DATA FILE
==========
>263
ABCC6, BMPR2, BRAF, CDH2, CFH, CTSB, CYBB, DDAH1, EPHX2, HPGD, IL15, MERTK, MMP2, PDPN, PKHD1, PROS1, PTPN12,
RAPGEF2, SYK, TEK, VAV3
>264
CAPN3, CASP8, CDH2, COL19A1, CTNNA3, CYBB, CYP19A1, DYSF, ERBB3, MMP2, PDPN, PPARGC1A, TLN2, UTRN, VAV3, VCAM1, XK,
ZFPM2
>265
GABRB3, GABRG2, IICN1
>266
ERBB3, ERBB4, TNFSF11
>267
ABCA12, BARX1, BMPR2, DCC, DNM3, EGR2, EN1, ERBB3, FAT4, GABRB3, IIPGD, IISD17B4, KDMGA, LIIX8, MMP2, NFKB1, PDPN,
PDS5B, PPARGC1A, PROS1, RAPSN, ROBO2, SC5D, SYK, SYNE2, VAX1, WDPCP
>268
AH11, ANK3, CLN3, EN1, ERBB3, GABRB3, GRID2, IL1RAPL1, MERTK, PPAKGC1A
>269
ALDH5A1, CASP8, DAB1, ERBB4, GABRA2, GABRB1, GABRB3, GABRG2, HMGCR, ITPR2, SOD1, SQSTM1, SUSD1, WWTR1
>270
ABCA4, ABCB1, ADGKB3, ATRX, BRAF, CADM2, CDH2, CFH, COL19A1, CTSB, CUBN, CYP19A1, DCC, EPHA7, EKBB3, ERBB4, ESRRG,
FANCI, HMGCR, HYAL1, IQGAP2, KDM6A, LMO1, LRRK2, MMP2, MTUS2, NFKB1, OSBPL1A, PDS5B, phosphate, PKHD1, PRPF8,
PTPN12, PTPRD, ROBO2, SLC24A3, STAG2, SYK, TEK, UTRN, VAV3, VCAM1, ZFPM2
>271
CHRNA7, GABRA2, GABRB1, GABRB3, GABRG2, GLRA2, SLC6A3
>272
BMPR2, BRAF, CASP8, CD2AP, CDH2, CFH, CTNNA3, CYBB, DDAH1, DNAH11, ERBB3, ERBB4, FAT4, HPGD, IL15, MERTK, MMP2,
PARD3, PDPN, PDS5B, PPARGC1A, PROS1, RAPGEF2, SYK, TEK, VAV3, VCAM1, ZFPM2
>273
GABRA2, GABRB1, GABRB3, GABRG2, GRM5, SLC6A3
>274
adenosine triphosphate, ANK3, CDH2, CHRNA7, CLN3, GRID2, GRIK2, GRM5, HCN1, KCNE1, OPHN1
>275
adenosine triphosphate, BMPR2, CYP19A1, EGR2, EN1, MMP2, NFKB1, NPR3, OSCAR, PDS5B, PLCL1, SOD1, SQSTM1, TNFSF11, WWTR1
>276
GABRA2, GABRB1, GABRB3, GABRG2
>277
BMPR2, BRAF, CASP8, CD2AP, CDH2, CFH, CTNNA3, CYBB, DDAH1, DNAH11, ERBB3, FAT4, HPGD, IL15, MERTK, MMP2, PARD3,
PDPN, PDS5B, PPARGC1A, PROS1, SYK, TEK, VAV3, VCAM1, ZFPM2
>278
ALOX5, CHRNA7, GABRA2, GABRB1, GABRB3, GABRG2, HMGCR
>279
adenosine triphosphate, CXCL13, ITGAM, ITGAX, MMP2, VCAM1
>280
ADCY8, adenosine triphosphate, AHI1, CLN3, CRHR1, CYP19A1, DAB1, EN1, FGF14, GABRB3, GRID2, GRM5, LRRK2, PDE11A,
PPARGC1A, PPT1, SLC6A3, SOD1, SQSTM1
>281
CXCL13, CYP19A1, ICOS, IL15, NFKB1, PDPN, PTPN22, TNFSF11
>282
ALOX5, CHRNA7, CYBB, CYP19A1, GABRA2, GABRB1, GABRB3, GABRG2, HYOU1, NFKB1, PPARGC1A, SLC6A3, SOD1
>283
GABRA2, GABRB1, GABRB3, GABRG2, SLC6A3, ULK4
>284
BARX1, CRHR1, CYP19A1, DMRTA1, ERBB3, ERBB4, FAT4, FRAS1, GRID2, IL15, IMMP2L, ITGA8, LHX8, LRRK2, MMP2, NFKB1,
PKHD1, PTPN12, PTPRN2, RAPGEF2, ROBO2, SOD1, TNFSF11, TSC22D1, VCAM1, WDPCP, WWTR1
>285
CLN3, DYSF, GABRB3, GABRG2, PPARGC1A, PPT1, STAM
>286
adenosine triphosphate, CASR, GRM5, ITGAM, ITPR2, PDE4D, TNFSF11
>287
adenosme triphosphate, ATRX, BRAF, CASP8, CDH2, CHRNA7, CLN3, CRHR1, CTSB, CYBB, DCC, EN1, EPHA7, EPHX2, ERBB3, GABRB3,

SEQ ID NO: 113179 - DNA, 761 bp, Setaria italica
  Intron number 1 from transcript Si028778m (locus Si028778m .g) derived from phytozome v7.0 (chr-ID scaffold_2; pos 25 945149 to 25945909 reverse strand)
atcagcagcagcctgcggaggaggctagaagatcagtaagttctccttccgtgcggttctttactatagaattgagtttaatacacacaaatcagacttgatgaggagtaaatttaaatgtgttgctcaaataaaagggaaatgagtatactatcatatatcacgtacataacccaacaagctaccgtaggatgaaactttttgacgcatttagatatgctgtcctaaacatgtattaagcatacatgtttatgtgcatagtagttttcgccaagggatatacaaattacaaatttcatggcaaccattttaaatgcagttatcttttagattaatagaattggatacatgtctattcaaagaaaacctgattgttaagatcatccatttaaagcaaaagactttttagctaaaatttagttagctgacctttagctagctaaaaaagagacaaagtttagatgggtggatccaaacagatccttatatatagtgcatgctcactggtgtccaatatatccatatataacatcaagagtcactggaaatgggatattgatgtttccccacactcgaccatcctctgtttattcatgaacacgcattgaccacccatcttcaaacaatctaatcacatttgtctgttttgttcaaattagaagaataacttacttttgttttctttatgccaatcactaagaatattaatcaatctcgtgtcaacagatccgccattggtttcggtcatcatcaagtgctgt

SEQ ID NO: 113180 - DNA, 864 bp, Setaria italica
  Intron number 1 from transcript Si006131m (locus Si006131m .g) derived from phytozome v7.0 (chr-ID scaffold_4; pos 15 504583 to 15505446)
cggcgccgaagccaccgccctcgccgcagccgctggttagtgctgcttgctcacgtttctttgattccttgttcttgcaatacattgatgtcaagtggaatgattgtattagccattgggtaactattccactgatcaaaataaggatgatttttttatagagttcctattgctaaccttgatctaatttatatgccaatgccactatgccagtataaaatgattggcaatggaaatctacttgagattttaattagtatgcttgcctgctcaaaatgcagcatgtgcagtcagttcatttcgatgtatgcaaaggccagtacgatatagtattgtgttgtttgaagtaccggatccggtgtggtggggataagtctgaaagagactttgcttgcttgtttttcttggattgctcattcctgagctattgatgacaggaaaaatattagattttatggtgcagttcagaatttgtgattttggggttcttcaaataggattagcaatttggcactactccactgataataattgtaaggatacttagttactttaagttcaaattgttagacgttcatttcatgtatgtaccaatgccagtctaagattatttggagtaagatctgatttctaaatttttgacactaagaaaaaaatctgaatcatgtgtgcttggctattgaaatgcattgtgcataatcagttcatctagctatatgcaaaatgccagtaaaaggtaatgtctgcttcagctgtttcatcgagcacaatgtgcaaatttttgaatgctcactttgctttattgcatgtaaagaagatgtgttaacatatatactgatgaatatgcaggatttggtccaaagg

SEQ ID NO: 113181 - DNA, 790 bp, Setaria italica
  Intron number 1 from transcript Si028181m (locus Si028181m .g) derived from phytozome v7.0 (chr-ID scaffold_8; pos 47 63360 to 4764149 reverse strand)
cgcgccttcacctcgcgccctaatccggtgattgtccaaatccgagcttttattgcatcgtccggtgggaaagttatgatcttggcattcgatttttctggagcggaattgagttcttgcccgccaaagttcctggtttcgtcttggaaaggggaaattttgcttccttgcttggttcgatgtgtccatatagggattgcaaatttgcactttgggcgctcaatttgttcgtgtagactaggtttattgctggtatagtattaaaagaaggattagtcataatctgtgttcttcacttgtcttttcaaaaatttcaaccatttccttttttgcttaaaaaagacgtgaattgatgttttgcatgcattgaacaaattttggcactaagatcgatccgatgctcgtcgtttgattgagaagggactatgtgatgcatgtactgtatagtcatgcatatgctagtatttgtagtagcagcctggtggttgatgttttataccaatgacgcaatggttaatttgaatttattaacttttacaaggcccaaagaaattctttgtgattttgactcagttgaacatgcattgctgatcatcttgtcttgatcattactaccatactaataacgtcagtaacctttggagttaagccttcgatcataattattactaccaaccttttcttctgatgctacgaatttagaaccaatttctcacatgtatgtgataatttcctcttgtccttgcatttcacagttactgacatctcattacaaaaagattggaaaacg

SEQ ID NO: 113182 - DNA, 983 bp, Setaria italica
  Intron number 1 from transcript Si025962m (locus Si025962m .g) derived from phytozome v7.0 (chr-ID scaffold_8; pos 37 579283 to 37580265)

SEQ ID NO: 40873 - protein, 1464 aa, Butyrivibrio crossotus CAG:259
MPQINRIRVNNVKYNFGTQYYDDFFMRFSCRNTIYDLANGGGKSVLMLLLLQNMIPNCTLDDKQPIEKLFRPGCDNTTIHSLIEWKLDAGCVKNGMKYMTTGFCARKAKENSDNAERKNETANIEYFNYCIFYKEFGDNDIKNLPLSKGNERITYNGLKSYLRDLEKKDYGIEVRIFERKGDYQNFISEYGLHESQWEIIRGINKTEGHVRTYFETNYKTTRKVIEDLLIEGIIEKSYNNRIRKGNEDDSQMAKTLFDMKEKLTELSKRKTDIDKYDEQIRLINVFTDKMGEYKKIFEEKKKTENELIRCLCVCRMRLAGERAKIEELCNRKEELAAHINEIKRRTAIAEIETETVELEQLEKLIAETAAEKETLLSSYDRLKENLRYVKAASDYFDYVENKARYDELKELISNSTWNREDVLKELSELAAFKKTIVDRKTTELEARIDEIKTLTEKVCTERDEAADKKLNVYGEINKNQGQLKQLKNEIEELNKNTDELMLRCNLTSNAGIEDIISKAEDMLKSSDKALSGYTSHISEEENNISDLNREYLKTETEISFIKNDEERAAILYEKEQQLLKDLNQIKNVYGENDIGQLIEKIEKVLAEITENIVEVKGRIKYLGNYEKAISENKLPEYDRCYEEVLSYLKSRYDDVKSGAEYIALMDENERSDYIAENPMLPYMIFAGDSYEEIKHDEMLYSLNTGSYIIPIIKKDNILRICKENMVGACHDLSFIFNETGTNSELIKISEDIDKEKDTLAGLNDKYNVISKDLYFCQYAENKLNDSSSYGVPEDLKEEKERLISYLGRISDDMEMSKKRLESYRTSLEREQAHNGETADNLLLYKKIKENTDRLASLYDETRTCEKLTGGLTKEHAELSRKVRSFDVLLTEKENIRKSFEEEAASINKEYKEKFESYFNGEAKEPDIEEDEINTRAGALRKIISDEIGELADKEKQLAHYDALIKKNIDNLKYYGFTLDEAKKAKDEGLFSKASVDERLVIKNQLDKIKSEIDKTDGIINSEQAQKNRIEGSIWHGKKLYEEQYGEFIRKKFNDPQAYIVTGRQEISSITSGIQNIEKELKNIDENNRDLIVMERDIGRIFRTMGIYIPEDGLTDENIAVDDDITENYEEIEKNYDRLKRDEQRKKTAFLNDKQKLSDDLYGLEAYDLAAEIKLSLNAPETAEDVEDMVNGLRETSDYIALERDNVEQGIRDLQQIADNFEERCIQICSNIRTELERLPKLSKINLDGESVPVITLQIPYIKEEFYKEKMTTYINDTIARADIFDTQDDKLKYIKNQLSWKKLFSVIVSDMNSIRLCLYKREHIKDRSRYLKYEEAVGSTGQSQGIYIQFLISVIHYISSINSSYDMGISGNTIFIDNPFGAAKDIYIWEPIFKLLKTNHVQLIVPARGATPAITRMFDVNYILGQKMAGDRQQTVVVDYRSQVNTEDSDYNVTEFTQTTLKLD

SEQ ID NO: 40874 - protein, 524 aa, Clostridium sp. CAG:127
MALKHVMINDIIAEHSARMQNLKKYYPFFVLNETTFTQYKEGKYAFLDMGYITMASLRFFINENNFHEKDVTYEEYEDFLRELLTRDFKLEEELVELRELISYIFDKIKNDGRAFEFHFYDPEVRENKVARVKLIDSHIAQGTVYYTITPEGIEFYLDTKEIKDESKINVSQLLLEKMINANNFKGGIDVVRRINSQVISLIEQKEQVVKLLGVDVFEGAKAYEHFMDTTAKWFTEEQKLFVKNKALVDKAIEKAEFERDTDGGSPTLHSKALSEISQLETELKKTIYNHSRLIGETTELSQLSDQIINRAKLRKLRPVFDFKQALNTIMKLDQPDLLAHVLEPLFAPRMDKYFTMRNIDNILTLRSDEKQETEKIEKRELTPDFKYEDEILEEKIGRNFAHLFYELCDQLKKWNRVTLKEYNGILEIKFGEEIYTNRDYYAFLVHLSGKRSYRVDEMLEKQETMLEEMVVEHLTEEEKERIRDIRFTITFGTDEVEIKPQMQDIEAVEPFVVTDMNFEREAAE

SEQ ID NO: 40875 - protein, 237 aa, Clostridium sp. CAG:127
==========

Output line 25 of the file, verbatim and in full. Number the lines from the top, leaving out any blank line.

BMPR2, BRAF, CASP8, CD2AP, CDH2, CFH, CTNNA3, CYBB, DDAH1, DNAH11, ERBB3, ERBB4, FAT4, HPGD, IL15, MERTK, MMP2,